spady_festival_2009_web.jpgDELRAY BEACH- Those who love a taste of culture celebrating the African Diaspora need look no further than Delray Beach this weekend. The city will come alive Saturday, Aug. 21,  with the sixth annual Spady Living Heritage Festival slated for historic Northwest Fifth Avenue.

The free event will feature everything from R & B music groups, to gospel and blues music, to Christian Rap and Haitian and Latin dance. Praise dancers, belly dancers and a Greek step show will also be part of the entertainment line-up.

A variety of cultural exhibits will be on display and an African song and dance workshop and a fashion show will be among the activities.
The Derek Mack Band will take to the stage at 8 p.m.

One highlight of this year’s edition of Spady will be the Tradition Bearers of Renaissance Park, a group from Marianna that showcases folk life skills from the turn of the century. The group will display candy-making, corn husking and shoe-shining and will demonstrate making lye soap and grass brooms and other skills of days gone by.

Charlene Jones, educational program director at the Spady Cultural Heritage Museum, which is presenting the festival, said the goal is to offer a taste of culture to everyone.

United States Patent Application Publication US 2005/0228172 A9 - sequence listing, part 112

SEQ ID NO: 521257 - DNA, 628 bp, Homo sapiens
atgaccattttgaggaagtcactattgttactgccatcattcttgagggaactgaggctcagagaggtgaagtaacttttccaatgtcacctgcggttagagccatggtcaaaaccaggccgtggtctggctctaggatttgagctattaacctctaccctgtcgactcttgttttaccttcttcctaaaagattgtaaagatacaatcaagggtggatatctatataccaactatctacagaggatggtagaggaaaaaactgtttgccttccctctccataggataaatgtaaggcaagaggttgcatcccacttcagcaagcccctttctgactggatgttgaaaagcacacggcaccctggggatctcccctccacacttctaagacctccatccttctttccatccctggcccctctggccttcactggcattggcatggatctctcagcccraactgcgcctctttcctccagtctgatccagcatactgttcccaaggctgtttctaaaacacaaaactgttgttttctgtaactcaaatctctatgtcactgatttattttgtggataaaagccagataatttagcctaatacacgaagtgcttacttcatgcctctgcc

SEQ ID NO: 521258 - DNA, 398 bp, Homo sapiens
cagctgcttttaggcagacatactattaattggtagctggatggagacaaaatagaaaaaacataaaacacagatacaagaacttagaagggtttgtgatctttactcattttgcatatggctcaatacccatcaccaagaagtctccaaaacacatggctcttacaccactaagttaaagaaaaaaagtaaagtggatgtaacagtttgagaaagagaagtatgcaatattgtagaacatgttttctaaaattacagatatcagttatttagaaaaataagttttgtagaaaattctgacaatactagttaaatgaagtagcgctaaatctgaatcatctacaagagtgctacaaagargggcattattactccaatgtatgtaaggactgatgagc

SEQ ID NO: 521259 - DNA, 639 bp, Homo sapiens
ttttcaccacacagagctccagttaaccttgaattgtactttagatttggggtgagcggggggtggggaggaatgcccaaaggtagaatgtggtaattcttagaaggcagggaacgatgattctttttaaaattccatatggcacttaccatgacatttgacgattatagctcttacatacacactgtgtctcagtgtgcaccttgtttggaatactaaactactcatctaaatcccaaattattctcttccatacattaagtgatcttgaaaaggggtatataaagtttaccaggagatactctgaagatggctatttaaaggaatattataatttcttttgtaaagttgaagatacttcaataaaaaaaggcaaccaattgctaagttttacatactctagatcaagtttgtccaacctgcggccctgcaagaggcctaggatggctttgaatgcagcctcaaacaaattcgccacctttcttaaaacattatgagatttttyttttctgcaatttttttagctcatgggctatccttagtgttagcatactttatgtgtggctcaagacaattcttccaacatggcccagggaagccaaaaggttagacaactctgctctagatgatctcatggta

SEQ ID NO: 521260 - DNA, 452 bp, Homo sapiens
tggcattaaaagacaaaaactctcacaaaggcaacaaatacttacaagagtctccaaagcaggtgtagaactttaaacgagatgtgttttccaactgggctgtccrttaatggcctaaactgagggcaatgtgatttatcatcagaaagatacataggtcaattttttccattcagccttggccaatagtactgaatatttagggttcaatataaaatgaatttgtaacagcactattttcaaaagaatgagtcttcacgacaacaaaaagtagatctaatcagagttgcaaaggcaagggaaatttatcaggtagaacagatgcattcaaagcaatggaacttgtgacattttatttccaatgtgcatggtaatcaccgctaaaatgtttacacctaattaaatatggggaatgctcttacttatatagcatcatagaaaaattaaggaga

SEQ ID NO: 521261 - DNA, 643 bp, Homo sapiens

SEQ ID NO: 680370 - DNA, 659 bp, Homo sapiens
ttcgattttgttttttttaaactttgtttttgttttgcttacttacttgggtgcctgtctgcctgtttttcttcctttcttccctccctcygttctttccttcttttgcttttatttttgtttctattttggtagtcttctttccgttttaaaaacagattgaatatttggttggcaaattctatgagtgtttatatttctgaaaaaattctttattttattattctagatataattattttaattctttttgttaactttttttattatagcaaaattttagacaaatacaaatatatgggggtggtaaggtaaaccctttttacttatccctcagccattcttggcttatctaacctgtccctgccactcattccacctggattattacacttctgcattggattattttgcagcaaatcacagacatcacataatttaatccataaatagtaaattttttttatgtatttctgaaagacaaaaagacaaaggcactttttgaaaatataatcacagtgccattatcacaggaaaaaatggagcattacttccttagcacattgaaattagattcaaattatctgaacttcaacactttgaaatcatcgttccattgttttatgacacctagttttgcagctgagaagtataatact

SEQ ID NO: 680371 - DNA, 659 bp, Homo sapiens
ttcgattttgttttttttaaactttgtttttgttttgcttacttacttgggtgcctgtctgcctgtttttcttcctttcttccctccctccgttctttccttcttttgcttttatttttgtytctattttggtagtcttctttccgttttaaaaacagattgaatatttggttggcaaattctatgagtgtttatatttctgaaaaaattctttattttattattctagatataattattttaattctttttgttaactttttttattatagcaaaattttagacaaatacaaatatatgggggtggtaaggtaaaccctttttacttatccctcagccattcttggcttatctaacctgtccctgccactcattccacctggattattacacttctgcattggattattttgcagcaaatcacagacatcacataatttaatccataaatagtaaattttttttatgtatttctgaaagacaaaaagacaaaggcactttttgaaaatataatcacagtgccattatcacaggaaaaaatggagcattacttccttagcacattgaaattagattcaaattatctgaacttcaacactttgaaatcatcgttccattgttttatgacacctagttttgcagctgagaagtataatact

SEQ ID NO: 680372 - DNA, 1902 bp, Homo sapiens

“We want everyone to experience the cultural heritage that we offer and we want to preserve our cultural heritage in Palm Beach County, especially as it relates to African Americans,” Jones said.

The organizers wanted to offer a cultural experience at an affordable price and a full array of activities for adults and children are free of charge.

“We wanted our audience to share in some of the rich history that we’ve collected,” she said.

Food vendors, community organizations and non-profit groups, as well as business owners are expected to line the festival with booths showcasing their services and products. Last year, an estimated 4,000 people attended the festival. Jones expects even more will turn out this year.

Throughout the year, the Spady Cultural Heritage Museum offers a variety of cultural events and programs.  The museum is the brainchild of Vera Rolle Farrington, a retired Palm Beach County educator, historian, and South Florida native.

Under Farrington’s leadership, the museum opened in 2001 and has become a resource for people seeking information about the city’s early black history and culture.

Cynthia Roby may be reached at


PICTURED ABOVE:   Scene from the 2009 Spady Festival